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5 Resources For Australian And Kiwi Small Businesses Getting Started

Startups don’t just run on their own. When you create a new business, you’ll likely subscribe to a bunch of different software, use a few different tools and automate processes with technology.

In truth, it can all be a bit overwhelming. First, you have to figure out what you need, then you have to find the best option for you.

This article is a shortcut, with some of the best resources and business tips for growing and fuelling startups in Australia and New Zealand.


Accelerator and incubator programs are highly effective for getting startups off the ground. Many programs are tailored for those in specific sectors, or startups based in certain locations. Do your research to see if there’s one that’s right for you.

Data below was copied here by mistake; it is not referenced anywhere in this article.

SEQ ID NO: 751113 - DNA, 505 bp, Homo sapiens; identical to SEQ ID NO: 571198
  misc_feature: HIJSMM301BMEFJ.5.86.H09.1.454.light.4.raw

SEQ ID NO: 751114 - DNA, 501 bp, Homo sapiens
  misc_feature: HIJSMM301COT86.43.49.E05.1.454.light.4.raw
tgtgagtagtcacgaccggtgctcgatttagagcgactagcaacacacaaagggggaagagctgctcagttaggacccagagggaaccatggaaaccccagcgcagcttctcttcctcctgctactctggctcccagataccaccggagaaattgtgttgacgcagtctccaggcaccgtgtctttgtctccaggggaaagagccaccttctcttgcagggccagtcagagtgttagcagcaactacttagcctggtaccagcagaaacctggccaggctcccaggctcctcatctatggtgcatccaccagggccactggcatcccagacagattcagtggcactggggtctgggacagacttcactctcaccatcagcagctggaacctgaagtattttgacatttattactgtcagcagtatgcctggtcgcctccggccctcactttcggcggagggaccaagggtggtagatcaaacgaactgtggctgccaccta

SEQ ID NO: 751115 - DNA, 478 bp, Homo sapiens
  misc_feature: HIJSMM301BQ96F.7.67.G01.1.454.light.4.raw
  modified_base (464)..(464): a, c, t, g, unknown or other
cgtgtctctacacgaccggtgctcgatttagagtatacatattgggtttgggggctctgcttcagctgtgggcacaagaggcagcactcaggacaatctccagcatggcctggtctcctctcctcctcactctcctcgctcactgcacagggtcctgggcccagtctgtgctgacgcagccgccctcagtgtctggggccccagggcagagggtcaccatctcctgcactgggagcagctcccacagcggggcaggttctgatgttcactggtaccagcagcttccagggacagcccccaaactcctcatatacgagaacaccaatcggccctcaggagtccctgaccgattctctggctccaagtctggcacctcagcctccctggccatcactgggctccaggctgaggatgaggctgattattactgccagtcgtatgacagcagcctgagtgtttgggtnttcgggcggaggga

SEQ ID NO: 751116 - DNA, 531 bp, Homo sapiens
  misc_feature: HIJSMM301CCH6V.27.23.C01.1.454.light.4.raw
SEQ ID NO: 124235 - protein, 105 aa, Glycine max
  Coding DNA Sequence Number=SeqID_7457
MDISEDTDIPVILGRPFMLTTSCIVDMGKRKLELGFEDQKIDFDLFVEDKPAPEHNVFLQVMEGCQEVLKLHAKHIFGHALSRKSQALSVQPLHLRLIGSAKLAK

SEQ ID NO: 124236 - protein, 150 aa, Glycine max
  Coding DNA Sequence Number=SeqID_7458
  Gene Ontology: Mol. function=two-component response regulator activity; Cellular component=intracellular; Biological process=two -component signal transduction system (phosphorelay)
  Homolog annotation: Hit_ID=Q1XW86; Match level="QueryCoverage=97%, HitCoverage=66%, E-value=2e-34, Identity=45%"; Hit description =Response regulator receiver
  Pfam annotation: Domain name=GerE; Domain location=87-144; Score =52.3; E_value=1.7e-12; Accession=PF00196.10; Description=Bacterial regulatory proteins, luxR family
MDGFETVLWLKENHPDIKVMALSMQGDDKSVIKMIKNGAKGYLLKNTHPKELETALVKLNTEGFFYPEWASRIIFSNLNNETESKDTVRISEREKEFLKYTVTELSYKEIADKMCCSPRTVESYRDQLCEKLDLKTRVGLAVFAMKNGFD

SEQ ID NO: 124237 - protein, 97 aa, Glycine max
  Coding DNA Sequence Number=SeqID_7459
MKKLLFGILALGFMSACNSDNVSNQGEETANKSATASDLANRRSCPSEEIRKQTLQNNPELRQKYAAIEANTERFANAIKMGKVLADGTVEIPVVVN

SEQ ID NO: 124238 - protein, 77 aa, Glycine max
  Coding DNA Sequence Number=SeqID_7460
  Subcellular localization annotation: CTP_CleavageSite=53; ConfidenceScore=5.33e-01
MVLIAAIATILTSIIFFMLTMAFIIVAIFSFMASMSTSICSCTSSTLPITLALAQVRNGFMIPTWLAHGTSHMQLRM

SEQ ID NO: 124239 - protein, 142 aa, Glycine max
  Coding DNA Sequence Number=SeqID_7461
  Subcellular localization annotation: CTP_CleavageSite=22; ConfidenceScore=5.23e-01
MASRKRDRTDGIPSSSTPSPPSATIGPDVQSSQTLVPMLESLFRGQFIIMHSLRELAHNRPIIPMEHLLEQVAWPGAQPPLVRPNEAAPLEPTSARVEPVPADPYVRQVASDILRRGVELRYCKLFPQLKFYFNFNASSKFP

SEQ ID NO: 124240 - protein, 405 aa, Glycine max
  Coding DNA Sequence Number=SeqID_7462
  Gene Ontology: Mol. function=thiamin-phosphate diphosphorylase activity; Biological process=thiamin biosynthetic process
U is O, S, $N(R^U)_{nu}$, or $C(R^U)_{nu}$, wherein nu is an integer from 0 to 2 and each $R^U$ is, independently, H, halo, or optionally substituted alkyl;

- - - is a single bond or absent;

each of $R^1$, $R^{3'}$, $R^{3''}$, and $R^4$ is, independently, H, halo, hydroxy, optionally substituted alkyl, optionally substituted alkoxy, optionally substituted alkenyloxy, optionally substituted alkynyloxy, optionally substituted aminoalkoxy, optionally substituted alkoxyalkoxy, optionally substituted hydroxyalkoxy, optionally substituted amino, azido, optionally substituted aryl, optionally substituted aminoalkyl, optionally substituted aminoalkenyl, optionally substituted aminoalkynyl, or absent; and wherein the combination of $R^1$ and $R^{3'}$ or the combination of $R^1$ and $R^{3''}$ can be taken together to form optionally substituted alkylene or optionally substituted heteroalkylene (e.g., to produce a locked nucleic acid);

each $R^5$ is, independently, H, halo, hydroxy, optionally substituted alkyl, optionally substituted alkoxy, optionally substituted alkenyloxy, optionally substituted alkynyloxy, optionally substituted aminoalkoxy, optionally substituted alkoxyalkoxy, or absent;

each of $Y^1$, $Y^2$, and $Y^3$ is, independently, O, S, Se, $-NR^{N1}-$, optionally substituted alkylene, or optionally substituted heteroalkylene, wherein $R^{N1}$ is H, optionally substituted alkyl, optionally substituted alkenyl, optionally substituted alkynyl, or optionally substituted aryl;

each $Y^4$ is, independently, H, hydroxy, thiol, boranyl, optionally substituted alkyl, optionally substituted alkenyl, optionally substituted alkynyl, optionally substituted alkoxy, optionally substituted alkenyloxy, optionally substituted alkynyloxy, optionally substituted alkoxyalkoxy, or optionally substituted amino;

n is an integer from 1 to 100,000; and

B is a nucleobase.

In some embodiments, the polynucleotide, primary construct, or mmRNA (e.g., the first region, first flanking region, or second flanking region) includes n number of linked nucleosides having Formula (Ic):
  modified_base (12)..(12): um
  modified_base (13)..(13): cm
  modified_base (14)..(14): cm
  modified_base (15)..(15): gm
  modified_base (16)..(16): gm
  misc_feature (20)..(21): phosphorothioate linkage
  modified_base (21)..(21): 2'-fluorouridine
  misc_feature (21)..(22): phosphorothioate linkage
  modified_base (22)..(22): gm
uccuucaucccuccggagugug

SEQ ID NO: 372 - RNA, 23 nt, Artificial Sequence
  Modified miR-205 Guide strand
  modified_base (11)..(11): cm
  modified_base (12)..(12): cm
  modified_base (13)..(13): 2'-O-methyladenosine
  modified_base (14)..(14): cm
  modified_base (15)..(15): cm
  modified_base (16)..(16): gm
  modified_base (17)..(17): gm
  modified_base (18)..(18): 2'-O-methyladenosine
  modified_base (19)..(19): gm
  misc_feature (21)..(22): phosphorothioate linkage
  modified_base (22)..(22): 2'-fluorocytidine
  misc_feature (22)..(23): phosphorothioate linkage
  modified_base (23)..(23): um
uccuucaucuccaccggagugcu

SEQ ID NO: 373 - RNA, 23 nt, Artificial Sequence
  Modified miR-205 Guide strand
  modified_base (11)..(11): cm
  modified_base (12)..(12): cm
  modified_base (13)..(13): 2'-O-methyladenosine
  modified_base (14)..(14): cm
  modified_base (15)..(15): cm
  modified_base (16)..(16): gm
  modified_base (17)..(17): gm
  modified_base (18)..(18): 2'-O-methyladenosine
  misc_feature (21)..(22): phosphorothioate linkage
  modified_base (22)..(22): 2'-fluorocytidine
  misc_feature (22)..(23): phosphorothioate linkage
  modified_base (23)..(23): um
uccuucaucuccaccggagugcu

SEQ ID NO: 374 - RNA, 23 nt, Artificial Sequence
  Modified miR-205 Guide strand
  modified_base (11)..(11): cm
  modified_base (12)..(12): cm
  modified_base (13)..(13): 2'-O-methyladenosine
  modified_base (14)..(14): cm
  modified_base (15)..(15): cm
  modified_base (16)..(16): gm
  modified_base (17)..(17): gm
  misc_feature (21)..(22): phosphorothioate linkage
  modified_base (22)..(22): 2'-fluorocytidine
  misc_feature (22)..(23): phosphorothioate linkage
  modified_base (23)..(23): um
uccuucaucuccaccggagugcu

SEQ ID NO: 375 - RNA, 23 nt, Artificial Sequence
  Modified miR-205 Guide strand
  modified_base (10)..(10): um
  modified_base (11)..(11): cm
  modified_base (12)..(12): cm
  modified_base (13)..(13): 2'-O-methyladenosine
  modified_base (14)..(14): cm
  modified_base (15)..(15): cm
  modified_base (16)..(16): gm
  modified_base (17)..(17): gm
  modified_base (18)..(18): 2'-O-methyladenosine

Role of startups in driving economy

Startups may be small companies, but they play a big role in growing economies. They create jobs, which have a huge economic impact, particularly locally, by putting more money in people’s pockets.

The impact of startups can be seen in a range of world-leading examples – how Google impacted Mountain View, California, how Alibaba changed Hangzhou, and how Microsoft allowed Redmond, Washington to grow.

Sectors where startups in NZ and AU are poised to win

Startups are often at the whim of higher powers, and those in the right sectors can expect to have a tailwind behind them from the beginning. This helps to open doors, start conversations and attract the kind of investment you need to grow and scale.

Technology is an area of huge growth, and opening a new business with any sort of tech application is a step in the right direction. But it can go even deeper, into specialised sectors within the tech space.

  • Deep tech involves innovations in science, engineering and mathematics, and includes artificial intelligence and robotics.